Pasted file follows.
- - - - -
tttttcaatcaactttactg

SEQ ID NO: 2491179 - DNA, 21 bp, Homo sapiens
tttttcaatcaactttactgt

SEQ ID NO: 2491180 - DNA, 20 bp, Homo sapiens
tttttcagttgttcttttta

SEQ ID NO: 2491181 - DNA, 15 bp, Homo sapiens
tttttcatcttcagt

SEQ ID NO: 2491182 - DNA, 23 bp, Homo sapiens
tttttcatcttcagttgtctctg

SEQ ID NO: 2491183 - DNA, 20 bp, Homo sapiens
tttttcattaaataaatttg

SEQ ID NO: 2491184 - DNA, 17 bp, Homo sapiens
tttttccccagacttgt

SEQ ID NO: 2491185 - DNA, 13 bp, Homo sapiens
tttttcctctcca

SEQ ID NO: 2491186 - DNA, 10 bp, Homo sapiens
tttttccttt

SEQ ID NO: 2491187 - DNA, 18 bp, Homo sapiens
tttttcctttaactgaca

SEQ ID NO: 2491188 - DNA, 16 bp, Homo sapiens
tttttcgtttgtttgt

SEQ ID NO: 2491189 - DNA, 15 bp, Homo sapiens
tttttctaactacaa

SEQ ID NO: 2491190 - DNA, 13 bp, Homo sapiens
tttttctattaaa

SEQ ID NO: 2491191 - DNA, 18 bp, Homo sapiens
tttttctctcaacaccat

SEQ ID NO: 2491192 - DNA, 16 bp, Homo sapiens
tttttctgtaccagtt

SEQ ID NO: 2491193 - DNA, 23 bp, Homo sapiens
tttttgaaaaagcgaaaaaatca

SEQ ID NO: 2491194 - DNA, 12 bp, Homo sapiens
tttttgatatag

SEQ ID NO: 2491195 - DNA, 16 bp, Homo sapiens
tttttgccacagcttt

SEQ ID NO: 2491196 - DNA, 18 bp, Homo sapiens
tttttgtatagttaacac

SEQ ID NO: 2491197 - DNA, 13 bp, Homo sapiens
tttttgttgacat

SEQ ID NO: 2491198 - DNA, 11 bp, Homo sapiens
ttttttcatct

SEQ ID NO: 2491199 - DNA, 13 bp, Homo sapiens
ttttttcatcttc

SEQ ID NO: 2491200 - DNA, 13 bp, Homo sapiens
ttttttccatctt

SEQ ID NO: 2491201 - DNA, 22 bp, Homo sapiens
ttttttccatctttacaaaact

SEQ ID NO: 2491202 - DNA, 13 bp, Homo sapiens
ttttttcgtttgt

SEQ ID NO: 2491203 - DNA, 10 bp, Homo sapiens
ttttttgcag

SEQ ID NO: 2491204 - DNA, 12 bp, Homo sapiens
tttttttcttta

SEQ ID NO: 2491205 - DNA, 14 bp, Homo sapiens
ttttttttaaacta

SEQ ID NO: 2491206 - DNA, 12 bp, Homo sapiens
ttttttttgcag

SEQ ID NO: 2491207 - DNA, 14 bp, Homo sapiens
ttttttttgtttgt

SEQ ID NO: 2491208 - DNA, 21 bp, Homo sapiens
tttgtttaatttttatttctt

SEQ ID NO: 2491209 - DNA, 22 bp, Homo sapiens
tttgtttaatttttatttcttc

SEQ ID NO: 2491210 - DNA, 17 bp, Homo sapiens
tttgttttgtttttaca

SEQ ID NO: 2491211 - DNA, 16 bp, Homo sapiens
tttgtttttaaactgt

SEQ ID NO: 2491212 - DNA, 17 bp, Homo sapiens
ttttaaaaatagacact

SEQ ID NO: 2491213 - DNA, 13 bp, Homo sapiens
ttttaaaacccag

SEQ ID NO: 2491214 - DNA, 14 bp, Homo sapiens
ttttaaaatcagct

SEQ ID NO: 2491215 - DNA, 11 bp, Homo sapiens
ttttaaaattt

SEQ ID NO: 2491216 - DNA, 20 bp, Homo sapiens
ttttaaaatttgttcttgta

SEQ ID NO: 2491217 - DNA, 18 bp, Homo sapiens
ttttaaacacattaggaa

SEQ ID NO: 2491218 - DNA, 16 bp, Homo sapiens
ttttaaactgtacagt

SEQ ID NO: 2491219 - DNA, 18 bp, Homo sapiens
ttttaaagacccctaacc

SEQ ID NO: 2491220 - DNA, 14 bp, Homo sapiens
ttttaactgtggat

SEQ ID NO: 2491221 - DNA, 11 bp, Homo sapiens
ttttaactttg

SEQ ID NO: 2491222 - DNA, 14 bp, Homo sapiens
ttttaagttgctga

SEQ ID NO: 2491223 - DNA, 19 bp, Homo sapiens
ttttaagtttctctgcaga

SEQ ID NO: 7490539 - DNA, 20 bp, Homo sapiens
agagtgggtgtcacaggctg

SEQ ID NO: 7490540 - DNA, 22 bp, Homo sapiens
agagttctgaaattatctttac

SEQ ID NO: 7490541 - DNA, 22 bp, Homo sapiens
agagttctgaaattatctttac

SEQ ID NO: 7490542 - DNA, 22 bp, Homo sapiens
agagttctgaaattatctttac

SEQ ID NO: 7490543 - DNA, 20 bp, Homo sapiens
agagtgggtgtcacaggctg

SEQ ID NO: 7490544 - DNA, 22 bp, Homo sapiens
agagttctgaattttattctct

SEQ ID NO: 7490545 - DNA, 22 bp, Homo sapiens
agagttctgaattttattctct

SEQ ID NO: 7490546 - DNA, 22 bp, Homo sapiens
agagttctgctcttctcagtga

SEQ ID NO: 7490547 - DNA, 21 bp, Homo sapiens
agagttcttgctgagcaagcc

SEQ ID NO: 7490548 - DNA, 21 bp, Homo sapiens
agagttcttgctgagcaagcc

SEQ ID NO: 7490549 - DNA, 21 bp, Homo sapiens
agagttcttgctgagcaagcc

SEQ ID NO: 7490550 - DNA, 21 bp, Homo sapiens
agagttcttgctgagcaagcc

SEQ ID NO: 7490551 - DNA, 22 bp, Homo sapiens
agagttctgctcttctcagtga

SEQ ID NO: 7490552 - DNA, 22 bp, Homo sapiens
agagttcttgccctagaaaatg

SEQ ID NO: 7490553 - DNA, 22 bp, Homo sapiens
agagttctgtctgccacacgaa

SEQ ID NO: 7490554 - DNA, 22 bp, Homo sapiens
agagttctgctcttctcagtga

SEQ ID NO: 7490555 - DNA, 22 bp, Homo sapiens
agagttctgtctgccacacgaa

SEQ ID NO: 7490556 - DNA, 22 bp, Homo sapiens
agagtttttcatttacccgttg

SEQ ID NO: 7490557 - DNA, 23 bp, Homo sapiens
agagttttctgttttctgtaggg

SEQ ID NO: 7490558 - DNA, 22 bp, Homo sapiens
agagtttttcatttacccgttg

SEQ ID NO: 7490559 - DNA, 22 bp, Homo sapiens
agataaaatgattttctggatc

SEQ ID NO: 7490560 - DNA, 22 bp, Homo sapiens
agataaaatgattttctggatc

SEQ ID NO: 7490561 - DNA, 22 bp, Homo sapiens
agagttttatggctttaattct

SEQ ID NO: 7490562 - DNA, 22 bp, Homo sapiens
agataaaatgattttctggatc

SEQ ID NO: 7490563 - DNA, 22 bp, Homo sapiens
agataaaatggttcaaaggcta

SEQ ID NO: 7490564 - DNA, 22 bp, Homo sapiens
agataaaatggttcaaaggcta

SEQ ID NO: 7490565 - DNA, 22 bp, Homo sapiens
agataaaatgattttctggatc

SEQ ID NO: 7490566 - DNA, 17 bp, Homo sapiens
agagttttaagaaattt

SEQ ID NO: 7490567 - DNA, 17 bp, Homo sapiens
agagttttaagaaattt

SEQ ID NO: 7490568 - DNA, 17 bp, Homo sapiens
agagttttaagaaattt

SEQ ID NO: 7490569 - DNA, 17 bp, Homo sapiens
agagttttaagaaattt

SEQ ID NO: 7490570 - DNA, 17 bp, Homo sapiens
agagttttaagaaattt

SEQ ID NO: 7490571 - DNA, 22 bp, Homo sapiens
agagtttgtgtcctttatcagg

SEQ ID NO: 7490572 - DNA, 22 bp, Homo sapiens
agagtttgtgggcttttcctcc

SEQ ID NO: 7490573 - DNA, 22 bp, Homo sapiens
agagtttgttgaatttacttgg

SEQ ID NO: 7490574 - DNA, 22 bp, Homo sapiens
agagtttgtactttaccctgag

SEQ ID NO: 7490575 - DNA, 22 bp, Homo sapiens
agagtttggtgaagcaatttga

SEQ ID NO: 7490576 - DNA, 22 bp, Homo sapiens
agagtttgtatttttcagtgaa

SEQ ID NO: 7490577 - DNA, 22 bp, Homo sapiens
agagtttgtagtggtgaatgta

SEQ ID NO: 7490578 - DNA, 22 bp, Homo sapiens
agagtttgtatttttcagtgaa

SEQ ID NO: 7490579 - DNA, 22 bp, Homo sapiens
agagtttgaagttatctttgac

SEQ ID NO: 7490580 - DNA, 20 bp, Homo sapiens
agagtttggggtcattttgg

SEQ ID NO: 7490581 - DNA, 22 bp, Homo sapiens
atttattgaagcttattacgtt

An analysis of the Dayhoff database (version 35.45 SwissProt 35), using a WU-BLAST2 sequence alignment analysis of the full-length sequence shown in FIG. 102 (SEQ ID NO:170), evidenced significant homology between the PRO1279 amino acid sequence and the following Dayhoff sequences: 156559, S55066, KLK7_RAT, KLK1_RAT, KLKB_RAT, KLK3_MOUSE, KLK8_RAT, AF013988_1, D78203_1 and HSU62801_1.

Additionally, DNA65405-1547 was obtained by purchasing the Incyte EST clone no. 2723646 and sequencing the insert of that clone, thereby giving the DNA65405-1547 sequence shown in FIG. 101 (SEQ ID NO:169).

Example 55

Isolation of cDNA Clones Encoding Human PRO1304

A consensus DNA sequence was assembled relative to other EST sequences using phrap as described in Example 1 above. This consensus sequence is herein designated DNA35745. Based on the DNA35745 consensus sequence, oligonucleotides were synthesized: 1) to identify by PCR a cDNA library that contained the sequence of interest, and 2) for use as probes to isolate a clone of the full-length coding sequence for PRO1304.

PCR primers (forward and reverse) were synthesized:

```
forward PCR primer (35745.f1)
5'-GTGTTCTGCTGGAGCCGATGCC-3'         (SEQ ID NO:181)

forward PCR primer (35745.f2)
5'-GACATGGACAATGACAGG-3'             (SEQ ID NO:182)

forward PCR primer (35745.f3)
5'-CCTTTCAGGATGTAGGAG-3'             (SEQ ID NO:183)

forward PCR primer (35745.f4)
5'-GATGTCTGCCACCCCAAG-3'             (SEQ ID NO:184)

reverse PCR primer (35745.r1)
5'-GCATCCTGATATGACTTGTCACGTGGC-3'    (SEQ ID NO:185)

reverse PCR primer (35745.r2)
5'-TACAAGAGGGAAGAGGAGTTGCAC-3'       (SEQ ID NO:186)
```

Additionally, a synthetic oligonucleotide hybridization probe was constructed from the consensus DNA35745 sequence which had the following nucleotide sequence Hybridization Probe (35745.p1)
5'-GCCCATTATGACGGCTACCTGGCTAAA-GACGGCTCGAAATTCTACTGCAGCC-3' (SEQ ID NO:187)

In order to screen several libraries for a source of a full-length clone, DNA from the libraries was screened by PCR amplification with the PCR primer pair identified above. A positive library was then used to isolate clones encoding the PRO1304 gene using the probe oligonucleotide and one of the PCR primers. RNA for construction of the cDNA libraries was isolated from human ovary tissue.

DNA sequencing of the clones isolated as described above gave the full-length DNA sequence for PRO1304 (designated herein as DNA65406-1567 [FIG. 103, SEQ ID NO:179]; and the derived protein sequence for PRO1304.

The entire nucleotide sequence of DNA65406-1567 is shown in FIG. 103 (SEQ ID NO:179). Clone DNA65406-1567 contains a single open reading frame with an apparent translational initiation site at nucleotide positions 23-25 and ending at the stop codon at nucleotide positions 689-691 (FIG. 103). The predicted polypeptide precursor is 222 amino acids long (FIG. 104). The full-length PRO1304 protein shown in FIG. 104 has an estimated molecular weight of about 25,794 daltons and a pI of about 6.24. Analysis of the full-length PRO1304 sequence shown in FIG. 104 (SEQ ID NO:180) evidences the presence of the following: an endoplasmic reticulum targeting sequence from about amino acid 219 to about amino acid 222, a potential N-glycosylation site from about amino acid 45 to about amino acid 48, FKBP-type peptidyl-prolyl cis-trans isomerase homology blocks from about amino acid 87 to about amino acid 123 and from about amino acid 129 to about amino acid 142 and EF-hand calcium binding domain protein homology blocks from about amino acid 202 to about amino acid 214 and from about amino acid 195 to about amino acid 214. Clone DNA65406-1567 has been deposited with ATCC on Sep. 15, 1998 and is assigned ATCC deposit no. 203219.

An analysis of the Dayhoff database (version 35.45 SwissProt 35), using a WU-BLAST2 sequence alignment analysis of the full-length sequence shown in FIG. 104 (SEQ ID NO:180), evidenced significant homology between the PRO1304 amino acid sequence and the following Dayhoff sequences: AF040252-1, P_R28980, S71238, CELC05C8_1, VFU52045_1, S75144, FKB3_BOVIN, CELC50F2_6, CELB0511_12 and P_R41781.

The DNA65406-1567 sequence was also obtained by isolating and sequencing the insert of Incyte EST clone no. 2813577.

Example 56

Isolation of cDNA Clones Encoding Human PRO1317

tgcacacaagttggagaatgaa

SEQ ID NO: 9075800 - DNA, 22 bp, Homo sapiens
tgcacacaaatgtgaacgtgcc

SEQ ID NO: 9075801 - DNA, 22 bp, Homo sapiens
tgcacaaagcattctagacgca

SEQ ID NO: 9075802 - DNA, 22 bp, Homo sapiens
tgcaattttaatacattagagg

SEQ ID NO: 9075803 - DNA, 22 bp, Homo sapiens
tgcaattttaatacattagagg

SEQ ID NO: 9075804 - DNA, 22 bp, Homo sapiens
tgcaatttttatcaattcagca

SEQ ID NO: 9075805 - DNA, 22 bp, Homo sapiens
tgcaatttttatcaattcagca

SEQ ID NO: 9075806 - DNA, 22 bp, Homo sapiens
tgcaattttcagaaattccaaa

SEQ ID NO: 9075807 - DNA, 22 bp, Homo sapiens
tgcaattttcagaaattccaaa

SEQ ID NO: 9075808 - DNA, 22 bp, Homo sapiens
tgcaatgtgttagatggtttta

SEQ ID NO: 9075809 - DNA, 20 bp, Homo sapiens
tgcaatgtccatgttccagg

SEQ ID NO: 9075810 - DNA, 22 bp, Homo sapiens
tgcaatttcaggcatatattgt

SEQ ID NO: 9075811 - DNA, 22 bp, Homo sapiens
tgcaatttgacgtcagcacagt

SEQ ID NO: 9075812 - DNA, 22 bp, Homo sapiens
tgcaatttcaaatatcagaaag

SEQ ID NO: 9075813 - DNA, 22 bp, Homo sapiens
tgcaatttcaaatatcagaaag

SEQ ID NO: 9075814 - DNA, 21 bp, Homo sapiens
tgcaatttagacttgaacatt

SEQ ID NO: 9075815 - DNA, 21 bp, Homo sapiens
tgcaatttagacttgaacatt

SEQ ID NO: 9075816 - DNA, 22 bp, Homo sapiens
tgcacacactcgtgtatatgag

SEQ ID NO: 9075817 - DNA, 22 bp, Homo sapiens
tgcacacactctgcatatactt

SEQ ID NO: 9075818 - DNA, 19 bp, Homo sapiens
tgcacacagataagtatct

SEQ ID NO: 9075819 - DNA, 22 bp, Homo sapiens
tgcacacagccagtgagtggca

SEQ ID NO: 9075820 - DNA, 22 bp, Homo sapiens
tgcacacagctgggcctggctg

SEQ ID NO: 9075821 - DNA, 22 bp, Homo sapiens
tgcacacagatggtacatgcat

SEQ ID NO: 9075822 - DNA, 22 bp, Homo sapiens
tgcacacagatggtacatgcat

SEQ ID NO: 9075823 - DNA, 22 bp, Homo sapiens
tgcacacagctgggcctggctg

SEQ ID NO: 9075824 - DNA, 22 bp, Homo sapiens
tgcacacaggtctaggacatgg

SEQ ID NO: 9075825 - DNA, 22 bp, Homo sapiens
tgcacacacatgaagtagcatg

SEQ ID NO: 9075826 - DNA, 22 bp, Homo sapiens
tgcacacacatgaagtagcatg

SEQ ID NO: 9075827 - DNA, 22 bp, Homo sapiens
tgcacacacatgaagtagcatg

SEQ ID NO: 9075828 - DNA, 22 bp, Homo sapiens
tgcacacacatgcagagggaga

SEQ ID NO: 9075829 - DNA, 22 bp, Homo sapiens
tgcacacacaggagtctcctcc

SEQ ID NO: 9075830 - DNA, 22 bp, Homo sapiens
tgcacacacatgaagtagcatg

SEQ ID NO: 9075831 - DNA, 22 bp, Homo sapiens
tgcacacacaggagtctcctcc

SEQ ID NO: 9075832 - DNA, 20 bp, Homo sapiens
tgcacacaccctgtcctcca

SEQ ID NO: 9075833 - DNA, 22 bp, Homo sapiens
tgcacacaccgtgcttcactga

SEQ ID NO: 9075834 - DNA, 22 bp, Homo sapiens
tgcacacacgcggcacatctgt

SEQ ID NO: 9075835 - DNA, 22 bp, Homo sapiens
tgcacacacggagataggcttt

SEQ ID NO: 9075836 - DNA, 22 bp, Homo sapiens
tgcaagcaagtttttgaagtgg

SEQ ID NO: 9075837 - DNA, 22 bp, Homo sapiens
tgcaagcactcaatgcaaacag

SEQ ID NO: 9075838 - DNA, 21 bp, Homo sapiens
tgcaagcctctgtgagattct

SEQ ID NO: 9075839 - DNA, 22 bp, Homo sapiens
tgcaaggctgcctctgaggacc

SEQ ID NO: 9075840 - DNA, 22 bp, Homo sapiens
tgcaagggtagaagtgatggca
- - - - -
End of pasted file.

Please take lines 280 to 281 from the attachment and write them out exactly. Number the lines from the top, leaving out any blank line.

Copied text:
SEQ ID NO: 9075836 - DNA, 22 bp, Homo sapiens
tgcaagcaagtttttgaagtgg